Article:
I'm all for being resourceful in efforts to bring in some extra cash. I really am.
Selling a few pieces of furniture online. Setting up a lemonade stand. Hosting a garage sale.
Really, all good things.
But can we draw a line with the merchandise?
I went to a garage sale today that brought me to tears...from laughter.
For sale, at the bargain price of 50 cents each...
Large, stretched-out, STAINED, men's white briefs.
I'm not even kidding.
But oh, I wish I was.
I don't care who ya are - I firmly believe you should NEVER buy used underwear.
And most certainly not from this particular merchant.
But to have it laid out, displayed like it was fine china - with all the world to see the years of wear and well, other stuff.
That's just wrong. In fact, there should be a law forbidding it. But I'm not sure how one would even write up a bill like that. You'd think common sense could prevail.
But as I'm making my way out of this establishment - fearing for my life, really - I catch a glimpse of a price tag on one incredibly hideous ceramic cat cookie jar.
That's right. A cookie jar.
Of a cat.
An ugly cat.
I couldn't hold it in any longer. I practically sprinted to my car in order to avoid laughing in front of these people.
MAYBE that cat is a collector's item. I'm not sure. I'm no cookie jar connoisseur, by any means.
But very few things at a garage sale should be priced at $85.
A large appliance.
A small snowblower, perhaps.
But a cookie jar? Of an ugly cat? Again...seems to go against all common sense.
My personal favorite today was walking into a garage to find a very large box - we're talking the size of a small refrigerator - stuffed full of children's shoes. I just assumed they didn't have time to get them all displayed. There was already a large lineup of shoes on the driveway, after all.
I see one shoe on the top of the pile that looks cute, so I shuffle a couple other shoes in search for the mate.
The homeowner gets my attention and says, "Oh, those are all mis-matched. You won't find the other one like it."
I was dumbfounded. I was aghast. I looked at her with astonishment and said, "Really? This WHOLE box is full of shoes missing their match?!"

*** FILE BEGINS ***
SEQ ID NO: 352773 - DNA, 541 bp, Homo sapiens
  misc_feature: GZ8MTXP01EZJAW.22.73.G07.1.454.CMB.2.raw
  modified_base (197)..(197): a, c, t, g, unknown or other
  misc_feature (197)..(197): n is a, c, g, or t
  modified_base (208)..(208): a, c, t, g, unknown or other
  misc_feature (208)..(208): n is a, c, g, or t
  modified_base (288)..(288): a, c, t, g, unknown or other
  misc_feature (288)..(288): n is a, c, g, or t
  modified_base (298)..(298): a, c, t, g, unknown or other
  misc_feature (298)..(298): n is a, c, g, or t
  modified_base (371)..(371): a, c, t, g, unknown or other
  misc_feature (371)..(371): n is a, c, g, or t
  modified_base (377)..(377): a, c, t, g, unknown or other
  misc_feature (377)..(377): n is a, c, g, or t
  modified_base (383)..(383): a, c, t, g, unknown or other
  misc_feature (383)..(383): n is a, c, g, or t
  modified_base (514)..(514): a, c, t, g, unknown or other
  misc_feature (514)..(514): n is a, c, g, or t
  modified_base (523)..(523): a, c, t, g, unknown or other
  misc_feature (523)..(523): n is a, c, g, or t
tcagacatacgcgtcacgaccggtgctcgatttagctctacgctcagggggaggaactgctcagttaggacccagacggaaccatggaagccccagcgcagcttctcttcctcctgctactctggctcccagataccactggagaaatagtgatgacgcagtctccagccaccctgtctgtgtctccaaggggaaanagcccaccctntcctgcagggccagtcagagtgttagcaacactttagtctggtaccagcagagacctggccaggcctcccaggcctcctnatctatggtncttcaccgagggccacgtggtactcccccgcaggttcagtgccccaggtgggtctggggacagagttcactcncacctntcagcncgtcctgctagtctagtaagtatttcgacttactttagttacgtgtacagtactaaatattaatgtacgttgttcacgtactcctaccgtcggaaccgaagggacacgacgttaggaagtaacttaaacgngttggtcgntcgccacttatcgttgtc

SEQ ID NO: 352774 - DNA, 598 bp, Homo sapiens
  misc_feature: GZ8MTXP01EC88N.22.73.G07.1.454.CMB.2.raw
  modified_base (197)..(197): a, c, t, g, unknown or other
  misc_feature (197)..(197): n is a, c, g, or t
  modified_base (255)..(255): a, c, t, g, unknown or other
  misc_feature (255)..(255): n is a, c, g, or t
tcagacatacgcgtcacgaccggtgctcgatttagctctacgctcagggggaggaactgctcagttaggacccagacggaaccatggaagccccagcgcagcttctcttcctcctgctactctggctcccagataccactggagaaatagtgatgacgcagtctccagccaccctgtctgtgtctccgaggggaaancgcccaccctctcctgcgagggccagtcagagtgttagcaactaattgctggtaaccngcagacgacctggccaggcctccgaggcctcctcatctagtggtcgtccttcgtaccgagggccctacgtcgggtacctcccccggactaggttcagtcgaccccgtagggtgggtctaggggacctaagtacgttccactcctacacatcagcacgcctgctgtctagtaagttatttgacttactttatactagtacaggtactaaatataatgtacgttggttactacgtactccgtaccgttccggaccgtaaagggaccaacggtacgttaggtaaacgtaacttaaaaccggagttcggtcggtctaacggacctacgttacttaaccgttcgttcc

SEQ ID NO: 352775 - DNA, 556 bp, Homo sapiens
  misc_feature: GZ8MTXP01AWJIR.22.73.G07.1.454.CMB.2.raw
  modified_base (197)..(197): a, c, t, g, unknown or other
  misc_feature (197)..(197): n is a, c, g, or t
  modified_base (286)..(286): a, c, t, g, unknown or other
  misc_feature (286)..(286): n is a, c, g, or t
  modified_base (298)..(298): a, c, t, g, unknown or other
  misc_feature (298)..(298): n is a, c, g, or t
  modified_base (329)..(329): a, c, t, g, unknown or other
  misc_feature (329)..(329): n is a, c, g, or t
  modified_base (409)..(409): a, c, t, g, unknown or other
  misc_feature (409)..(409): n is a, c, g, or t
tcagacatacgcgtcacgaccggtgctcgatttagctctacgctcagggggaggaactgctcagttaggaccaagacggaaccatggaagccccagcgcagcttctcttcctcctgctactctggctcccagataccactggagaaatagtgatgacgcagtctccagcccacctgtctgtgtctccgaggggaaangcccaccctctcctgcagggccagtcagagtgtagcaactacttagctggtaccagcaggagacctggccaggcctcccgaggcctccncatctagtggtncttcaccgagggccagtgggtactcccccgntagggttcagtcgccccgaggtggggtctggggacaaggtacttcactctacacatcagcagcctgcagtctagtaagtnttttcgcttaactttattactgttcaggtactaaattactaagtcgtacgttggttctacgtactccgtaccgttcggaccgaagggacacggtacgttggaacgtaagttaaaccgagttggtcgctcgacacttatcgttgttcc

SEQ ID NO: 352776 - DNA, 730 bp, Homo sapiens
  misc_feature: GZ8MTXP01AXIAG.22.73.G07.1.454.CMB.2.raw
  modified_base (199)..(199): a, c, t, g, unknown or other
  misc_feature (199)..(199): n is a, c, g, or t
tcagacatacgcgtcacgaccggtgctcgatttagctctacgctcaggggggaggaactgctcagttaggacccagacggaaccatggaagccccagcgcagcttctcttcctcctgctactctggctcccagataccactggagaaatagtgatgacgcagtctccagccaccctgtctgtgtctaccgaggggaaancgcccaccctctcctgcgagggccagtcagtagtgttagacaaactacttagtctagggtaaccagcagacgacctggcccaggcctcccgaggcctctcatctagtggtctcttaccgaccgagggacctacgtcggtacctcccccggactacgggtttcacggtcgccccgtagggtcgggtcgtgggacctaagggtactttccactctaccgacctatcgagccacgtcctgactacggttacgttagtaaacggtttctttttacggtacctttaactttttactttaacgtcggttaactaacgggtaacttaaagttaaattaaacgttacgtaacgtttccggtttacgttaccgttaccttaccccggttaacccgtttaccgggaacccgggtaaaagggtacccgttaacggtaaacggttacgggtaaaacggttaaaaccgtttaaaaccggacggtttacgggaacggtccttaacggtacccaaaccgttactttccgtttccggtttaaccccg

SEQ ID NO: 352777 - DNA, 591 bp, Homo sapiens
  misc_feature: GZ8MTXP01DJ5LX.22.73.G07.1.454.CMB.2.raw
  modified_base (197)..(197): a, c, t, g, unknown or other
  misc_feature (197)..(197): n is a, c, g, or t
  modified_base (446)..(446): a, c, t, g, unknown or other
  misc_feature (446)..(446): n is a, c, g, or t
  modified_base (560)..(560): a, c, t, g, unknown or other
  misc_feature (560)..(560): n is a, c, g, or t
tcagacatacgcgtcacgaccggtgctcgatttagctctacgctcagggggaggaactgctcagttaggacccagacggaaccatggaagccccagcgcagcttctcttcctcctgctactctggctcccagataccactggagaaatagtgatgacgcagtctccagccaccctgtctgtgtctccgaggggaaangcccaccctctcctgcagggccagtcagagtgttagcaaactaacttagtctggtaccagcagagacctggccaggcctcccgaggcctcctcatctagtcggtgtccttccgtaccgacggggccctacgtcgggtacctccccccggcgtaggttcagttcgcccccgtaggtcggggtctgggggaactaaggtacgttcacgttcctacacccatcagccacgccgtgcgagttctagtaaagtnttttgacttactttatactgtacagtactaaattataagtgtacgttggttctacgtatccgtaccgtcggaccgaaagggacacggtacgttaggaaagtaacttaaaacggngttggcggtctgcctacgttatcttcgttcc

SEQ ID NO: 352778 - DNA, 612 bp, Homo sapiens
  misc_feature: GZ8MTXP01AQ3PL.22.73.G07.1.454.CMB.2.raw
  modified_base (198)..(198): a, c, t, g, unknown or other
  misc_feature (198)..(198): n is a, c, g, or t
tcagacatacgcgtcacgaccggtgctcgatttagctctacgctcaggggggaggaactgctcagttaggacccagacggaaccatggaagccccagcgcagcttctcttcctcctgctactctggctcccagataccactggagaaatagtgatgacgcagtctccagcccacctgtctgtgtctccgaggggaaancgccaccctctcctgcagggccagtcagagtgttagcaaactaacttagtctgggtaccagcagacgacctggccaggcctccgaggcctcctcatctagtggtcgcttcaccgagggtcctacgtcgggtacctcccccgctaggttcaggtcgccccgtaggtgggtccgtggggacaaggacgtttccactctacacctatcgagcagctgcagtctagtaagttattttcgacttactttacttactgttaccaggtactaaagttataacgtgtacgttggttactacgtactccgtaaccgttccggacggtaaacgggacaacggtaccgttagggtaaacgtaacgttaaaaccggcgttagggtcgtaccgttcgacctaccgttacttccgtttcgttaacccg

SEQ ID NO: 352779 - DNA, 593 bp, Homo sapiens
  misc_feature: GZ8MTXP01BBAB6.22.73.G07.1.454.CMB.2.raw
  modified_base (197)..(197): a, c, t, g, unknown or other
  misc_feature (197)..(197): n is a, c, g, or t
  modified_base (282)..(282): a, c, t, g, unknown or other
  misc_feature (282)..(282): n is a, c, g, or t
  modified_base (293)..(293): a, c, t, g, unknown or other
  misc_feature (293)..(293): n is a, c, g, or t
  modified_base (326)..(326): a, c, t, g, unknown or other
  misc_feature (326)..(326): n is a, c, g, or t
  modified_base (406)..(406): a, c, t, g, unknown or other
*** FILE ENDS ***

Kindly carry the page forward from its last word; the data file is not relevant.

She smiles and shrugs as she looks at her children gathered around her. "Yeah," she sighs. Then a bit embarrassed, she replies, "I know."
It was tragic, really. Dozens of adorable shoes - some in excellent condition - with no match. How does this happen??
I can understand a lost shoe here and there - but an entire box full of them? That's nearly miraculous.
My mind began to race with all the possibilities of where those shoes could be.
I picture the shoe hanging from an electrical line (evidence a bully came by or a teenager pulled a prank).
Or on the street. (perhaps it fell out during a Chinese fire drill?)
Or ferociously chewed to bits by the family dog. (naughty Fido)
Whatever the reason, I was puzzled as to why they would even be offered up for sale.
You're expecting a lot if you think a one-footed customer could happen to - well - hop in.
I suppose it could be helpful for that kid who ended up in a cast and doesn't want to wear out one shoe while they wait for their foot, ankle or leg to heal. This is a perfect solution in that case.
But even a cast is only on for about 6 weeks. A couple shoes should suffice.
Personally, I would have just pitched them.
They would have fit nicely in the garbage truck next to those nasty tightie-whities.